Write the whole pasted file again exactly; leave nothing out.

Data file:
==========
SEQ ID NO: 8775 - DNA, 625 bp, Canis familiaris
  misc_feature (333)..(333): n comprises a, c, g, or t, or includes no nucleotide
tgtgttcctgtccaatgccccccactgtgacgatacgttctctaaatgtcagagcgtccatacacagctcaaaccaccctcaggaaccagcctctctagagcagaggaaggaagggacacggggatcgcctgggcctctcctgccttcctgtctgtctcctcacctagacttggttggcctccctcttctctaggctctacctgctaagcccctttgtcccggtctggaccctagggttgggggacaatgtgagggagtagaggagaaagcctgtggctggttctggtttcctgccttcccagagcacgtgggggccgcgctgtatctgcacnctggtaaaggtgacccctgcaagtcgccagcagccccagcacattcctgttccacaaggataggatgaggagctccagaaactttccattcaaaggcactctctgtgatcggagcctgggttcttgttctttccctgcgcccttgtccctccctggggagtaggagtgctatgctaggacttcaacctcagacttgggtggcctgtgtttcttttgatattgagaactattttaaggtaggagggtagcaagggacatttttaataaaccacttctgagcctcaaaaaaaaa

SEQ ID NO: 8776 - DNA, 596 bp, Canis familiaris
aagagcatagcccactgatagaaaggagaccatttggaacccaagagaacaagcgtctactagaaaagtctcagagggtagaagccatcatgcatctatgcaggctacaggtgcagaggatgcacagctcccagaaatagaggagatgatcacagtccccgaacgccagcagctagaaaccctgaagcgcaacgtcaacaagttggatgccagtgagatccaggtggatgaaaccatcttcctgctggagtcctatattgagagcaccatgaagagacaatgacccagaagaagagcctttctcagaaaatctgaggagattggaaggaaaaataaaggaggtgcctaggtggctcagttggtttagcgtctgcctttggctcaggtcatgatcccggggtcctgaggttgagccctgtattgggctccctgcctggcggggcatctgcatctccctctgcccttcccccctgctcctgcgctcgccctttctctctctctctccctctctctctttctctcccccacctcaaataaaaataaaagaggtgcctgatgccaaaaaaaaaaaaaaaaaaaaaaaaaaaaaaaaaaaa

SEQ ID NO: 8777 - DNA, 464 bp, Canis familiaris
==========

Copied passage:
SEQ ID NO: 8775 - DNA, 625 bp, Canis familiaris
  misc_feature (333)..(333): n comprises a, c, g, or t, or includes no nucleotide
tgtgttcctgtccaatgccccccactgtgacgatacgttctctaaatgtcagagcgtccatacacagctcaaaccaccctcaggaaccagcctctctagagcagaggaaggaagggacacggggatcgcctgggcctctcctgccttcctgtctgtctcctcacctagacttggttggcctccctcttctctaggctctacctgctaagcccctttgtcccggtctggaccctagggttgggggacaatgtgagggagtagaggagaaagcctgtggctggttctggtttcctgccttcccagagcacgtgggggccgcgctgtatctgcacnctggtaaaggtgacccctgcaagtcgccagcagccccagcacattcctgttccacaaggataggatgaggagctccagaaactttccattcaaaggcactctctgtgatcggagcctgggttcttgttctttccctgcgcccttgtccctccctggggagtaggagtgctatgctaggacttcaacctcagacttgggtggcctgtgtttcttttgatattgagaactattttaaggtaggagggtagcaagggacatttttaataaaccacttctgagcctcaaaaaaaaa

SEQ ID NO: 8776 - DNA, 596 bp, Canis familiaris
aagagcatagcccactgatagaaaggagaccatttggaacccaagagaacaagcgtctactagaaaagtctcagagggtagaagccatcatgcatctatgcaggctacaggtgcagaggatgcacagctcccagaaatagaggagatgatcacagtccccgaacgccagcagctagaaaccctgaagcgcaacgtcaacaagttggatgccagtgagatccaggtggatgaaaccatcttcctgctggagtcctatattgagagcaccatgaagagacaatgacccagaagaagagcctttctcagaaaatctgaggagattggaaggaaaaataaaggaggtgcctaggtggctcagttggtttagcgtctgcctttggctcaggtcatgatcccggggtcctgaggttgagccctgtattgggctccctgcctggcggggcatctgcatctccctctgcccttcccccctgctcctgcgctcgccctttctctctctctctccctctctctctttctctcccccacctcaaataaaaataaaagaggtgcctgatgccaaaaaaaaaaaaaaaaaaaaaaaaaaaaaaaaaaaa

SEQ ID NO: 8777 - DNA, 464 bp, Canis familiaris